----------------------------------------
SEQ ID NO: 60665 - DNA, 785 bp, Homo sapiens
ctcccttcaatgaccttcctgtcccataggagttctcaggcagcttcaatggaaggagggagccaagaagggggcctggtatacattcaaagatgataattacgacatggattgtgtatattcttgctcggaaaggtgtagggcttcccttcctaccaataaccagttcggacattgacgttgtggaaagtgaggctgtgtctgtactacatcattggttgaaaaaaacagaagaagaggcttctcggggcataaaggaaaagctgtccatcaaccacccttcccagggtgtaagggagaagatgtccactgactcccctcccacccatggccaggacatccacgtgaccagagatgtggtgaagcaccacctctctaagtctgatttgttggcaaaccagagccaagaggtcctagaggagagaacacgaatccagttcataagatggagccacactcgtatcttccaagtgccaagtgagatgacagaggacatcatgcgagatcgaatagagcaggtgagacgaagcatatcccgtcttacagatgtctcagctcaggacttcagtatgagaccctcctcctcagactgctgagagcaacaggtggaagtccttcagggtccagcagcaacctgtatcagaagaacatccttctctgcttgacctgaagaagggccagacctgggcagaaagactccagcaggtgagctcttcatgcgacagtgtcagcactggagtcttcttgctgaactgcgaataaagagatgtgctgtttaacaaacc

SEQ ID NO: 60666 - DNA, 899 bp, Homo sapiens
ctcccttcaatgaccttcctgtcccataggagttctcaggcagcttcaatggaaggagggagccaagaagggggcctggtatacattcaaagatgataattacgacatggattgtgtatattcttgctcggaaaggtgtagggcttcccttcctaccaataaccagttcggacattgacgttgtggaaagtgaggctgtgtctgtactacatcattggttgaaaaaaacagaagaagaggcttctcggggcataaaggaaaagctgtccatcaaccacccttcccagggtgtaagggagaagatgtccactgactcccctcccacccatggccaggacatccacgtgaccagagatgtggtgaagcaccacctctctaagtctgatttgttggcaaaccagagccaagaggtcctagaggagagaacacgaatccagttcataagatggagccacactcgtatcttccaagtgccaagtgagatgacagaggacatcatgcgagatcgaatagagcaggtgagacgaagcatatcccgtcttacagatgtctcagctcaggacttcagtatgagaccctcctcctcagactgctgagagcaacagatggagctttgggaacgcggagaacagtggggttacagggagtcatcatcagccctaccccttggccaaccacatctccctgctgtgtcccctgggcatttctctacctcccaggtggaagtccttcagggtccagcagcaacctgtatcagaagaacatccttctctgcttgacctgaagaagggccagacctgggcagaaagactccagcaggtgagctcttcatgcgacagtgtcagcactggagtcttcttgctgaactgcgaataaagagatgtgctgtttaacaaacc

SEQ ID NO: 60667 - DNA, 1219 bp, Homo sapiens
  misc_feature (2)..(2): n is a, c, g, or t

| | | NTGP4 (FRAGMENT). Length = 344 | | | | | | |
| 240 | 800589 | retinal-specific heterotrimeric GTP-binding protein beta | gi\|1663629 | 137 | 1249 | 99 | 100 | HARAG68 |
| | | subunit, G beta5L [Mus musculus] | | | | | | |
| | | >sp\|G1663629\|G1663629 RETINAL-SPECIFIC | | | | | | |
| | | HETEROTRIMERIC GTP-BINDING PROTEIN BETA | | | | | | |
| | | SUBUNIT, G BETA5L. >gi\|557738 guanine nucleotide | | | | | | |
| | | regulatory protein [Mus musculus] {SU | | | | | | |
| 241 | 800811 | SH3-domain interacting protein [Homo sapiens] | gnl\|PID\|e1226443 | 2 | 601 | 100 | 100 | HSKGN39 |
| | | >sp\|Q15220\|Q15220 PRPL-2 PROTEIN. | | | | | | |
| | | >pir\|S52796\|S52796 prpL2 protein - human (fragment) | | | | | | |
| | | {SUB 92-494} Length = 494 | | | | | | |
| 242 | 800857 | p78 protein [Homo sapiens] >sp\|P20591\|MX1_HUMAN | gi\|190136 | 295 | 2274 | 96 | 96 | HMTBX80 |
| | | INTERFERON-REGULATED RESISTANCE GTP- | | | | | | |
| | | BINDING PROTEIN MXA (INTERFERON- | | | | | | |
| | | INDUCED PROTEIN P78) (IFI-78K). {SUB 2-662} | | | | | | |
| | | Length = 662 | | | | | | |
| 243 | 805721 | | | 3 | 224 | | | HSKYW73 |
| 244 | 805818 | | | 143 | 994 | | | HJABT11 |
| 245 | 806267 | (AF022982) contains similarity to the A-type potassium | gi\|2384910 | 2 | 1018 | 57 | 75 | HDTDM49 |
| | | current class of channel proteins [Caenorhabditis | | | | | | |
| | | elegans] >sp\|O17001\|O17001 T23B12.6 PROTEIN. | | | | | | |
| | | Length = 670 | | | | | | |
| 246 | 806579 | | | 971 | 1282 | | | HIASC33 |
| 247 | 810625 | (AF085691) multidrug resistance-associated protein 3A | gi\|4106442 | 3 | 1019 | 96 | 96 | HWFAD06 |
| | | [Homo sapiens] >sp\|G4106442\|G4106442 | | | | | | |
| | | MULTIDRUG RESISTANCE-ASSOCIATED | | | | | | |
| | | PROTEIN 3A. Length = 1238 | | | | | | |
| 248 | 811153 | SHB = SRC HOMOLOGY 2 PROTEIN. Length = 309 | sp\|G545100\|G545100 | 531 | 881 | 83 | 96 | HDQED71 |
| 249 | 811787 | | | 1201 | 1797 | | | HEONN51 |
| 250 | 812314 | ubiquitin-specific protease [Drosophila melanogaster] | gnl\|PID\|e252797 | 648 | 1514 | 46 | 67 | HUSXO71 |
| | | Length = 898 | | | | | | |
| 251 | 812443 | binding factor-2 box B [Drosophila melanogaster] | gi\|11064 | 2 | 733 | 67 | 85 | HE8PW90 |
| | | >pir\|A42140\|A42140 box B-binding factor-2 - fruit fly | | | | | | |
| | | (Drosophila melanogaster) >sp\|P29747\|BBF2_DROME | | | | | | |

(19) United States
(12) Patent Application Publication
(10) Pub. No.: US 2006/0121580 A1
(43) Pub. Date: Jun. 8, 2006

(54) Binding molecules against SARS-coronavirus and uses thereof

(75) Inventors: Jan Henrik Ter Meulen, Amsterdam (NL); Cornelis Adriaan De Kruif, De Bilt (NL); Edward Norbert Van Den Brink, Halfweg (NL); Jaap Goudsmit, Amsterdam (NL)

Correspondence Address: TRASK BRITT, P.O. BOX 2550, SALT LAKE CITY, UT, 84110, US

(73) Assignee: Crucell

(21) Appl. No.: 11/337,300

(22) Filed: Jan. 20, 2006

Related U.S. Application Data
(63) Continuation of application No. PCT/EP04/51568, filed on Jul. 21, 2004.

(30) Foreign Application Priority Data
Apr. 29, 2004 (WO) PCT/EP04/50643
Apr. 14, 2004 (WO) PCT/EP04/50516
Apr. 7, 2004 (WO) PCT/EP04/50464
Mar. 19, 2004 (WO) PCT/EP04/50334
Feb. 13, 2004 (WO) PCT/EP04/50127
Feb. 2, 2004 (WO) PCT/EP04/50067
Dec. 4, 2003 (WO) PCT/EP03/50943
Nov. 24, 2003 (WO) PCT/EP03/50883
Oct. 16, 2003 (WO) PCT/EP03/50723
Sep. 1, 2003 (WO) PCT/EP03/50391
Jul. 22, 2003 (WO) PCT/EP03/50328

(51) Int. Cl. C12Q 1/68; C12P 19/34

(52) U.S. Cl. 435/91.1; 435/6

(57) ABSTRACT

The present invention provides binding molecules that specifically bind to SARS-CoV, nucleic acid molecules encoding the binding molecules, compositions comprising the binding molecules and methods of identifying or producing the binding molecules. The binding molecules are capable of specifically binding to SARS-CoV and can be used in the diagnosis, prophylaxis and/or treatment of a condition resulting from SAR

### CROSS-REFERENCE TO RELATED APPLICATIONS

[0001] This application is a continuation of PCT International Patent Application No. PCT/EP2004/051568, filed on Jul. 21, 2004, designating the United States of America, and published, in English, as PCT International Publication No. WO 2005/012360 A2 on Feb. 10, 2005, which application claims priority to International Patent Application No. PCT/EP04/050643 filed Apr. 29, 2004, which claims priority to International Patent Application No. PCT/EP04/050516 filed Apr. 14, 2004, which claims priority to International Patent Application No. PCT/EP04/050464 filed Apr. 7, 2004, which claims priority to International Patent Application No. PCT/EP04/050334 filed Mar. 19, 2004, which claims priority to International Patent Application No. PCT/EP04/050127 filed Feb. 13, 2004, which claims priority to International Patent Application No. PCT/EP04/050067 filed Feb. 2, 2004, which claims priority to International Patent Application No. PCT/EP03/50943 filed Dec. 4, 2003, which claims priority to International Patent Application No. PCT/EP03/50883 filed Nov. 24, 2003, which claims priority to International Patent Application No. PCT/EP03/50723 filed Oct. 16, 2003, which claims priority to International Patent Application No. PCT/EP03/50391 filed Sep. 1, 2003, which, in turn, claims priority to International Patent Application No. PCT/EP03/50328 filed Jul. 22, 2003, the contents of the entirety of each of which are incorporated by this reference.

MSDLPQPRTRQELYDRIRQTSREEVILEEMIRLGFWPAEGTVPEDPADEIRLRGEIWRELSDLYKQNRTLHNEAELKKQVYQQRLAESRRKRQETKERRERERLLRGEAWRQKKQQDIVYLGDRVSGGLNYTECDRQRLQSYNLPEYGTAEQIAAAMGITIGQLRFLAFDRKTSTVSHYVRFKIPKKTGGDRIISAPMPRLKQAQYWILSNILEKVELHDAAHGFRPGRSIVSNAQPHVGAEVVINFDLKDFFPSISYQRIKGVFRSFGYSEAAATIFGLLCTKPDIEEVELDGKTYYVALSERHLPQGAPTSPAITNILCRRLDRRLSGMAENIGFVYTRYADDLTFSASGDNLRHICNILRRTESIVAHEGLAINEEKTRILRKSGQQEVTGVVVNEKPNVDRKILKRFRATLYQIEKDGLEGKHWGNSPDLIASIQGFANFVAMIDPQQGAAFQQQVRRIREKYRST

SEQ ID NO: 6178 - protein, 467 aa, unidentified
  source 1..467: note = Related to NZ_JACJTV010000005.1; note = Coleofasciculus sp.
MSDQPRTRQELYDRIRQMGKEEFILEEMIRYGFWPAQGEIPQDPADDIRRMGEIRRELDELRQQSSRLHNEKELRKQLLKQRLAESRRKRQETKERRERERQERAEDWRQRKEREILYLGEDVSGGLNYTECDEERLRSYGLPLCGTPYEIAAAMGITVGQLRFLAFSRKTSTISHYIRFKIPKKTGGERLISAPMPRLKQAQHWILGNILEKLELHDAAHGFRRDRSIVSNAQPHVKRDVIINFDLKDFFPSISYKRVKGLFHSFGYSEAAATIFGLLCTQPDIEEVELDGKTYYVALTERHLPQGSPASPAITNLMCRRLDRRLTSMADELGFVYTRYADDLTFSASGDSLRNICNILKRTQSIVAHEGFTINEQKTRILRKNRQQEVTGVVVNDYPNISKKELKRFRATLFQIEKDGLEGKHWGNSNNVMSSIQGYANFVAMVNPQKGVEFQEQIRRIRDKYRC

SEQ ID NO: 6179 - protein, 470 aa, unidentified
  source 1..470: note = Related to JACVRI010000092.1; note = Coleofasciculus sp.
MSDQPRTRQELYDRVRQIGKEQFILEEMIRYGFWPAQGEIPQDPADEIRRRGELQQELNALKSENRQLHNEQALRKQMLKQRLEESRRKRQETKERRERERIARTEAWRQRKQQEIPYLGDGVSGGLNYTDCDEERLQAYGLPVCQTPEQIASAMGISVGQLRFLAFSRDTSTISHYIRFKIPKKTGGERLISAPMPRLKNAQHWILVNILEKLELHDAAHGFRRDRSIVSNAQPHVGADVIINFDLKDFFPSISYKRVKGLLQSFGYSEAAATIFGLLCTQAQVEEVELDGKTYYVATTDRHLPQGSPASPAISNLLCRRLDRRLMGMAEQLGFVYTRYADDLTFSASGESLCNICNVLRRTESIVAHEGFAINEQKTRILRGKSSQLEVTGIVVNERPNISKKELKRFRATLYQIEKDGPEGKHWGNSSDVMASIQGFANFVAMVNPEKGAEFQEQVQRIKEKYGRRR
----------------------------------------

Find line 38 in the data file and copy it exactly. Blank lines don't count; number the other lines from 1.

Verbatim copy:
| 251 | 812443 | binding factor-2 box B [Drosophila melanogaster] | gi\|11064 | 2 | 733 | 67 | 85 | HE8PW90 |